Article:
Chilmark selectmen agreed this week to make emergency repairs to the Dutcher Dock in Menemsha, despite severe budget constraints this year.

In a report to the board Tuesday, harbor master Ryan Rossi said bolts that secure the dock to pilings are in extremely poor shape. Saltwater appears to have enter the bolt threads, running from Dutcher Dock along the commercial dock, rusting the three-quarter-inch bolts to “about the size of a toothpick,” Mr. Rossi said.

“We are in danger of the dock caving in,” the harbor master told selectmen. “It becomes an immediate safety concern, not only for people walking along the dock, but with large steel vessels tied to the dock . . . it becomes a real concern that the dock is not going to be able to hang on through more years of storms and constant use.”

The problem became apparent during repair work on the dock this spring after the sea scalloper Martha Rose had collided with the dock, Mr. Rossi said. The rusted bolts were not related to the collision, but were discovered when contractor Offshore Engineering lifted the deck boards to repair the pilings, he said. Damage from the accidental collision cost $15,000.

A cost estimate from John Packer for the bolt work came in at about $43,000, the harbor master said. The work would include rebolting 81 brackets along the 600 feet of dock.

The meeting had been called to review department budget cuts following a recent freeze on all non-essential spending.

But after discussion, selectmen came to the conclusion that the dock repairs are essential.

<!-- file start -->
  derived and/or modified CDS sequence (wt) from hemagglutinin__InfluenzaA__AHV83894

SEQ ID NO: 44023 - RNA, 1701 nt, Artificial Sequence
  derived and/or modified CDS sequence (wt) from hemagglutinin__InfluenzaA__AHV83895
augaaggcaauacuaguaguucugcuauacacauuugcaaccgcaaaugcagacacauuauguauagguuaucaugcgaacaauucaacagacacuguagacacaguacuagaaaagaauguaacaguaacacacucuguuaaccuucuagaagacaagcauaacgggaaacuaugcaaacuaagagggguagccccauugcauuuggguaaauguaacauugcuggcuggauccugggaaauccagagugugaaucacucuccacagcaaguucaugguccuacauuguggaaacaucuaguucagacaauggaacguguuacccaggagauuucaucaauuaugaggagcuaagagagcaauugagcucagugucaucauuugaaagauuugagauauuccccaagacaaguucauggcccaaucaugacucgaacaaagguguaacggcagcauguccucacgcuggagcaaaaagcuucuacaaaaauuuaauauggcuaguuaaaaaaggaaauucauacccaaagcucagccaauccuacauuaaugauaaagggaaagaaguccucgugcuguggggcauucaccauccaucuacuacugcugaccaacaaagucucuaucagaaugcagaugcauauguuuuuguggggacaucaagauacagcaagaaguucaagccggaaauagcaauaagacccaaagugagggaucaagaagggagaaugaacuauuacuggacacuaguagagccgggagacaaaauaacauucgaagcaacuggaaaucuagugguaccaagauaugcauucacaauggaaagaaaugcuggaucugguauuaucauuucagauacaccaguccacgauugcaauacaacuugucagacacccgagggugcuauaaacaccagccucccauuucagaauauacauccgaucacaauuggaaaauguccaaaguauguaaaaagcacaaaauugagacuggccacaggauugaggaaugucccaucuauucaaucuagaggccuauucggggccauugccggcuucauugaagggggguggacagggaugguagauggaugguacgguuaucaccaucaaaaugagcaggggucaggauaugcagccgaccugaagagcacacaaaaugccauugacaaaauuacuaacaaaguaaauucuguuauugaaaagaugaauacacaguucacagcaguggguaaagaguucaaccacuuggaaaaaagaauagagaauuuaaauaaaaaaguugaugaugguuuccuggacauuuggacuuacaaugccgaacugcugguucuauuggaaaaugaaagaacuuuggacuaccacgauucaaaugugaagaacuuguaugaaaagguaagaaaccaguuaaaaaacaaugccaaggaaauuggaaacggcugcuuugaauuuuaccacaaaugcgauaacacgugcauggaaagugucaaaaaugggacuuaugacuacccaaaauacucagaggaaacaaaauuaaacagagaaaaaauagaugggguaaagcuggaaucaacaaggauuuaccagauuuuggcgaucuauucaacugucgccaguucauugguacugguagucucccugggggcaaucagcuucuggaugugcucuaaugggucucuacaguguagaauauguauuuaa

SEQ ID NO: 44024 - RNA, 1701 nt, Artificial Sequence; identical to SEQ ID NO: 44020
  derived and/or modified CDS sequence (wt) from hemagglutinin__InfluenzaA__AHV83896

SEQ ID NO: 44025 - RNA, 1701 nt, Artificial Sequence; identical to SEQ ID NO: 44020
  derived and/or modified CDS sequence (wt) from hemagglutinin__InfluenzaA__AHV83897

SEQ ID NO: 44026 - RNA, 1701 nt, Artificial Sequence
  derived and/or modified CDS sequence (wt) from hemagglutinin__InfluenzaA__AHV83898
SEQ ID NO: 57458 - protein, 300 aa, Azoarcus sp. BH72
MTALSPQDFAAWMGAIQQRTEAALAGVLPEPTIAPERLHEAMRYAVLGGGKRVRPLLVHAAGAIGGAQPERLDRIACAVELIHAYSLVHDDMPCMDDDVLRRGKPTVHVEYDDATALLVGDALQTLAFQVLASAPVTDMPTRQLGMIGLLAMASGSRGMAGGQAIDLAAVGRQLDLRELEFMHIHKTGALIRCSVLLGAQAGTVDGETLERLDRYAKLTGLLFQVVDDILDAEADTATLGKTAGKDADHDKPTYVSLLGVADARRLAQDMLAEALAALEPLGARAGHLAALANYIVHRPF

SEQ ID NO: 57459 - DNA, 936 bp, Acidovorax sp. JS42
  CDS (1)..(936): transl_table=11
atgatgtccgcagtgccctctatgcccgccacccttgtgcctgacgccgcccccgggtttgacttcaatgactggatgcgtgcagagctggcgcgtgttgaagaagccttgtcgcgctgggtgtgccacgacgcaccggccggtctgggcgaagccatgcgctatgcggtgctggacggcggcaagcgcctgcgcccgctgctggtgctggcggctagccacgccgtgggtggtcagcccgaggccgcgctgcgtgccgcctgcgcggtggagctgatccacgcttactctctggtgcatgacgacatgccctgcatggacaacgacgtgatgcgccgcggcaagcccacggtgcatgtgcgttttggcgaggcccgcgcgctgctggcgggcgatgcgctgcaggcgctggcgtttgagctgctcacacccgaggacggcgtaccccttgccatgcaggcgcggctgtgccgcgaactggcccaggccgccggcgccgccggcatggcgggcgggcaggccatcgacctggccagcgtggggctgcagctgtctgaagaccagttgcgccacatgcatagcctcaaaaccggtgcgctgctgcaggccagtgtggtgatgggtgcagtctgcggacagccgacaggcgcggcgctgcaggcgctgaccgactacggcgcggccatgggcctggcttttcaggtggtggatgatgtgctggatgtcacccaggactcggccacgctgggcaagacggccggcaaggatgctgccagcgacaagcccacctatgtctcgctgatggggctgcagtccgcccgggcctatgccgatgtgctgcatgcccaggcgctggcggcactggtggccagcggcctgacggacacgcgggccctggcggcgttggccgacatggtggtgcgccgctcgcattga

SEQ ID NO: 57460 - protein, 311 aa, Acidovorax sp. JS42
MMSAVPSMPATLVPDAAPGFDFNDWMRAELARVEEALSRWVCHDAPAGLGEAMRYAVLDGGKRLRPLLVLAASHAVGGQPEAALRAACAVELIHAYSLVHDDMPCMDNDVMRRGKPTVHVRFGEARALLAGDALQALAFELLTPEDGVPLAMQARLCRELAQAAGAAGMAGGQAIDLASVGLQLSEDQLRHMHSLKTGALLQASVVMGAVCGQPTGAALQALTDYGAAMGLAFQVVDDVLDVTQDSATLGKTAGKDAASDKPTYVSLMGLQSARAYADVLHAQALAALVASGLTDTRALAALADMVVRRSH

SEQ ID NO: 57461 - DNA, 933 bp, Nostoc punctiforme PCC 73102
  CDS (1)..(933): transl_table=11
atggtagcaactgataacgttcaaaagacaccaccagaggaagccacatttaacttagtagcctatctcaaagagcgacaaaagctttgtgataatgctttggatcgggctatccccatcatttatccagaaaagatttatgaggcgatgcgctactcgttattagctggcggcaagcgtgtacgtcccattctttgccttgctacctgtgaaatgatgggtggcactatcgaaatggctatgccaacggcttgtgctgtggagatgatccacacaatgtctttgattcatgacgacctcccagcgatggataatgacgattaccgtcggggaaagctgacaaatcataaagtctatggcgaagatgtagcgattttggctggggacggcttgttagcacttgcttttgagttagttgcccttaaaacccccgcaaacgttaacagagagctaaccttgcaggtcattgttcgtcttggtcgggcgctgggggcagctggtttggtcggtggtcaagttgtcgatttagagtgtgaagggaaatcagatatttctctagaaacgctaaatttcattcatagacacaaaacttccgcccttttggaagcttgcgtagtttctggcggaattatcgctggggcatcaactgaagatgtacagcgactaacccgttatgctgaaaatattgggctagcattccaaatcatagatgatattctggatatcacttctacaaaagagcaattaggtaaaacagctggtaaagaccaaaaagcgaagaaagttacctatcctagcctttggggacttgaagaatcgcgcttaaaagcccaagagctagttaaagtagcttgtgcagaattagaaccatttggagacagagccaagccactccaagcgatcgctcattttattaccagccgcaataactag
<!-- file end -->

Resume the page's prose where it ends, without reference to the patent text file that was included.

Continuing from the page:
Selectman Bill Rossi asked if the repairs could wait until fall, when the costs could be put to voters during a special town meeting, instead of the annual town meeting this June.

But selectman James Malkin said due to the safety concerns, the repairs couldn’t wait that long.

“I recognize the $43,000 is a huge amount of money that is unplanned, right when we are talking about needing budget cuts. But knowing this thing could fall down . . . my concern would be if we don’t address it,” Mr. Malkin said.

Mr. Rossi said the repairs could wait until the next fiscal year, which begins July 1. “Waiting until after hurricane season would not be the best idea,” he said.

Selectmen agreed.

“We want to move ahead with this repair,” said selectman Warren Doty. “What we need to do is look at our budgets and see where we can come up with the money.”

Also Tuesday selectmen set June 8 as the date for the annual town meeting and June 10 for the town election. They said the town plans to rent a tent to hold the meeting outside, with a location to be determined.

A scaled-back town meeting warrant was also approved, with 18 articles instead of 28.

“Anything with controversy, needed more work or wasn’t necessary was tabled to the fall,” town administrator Tim Carroll said.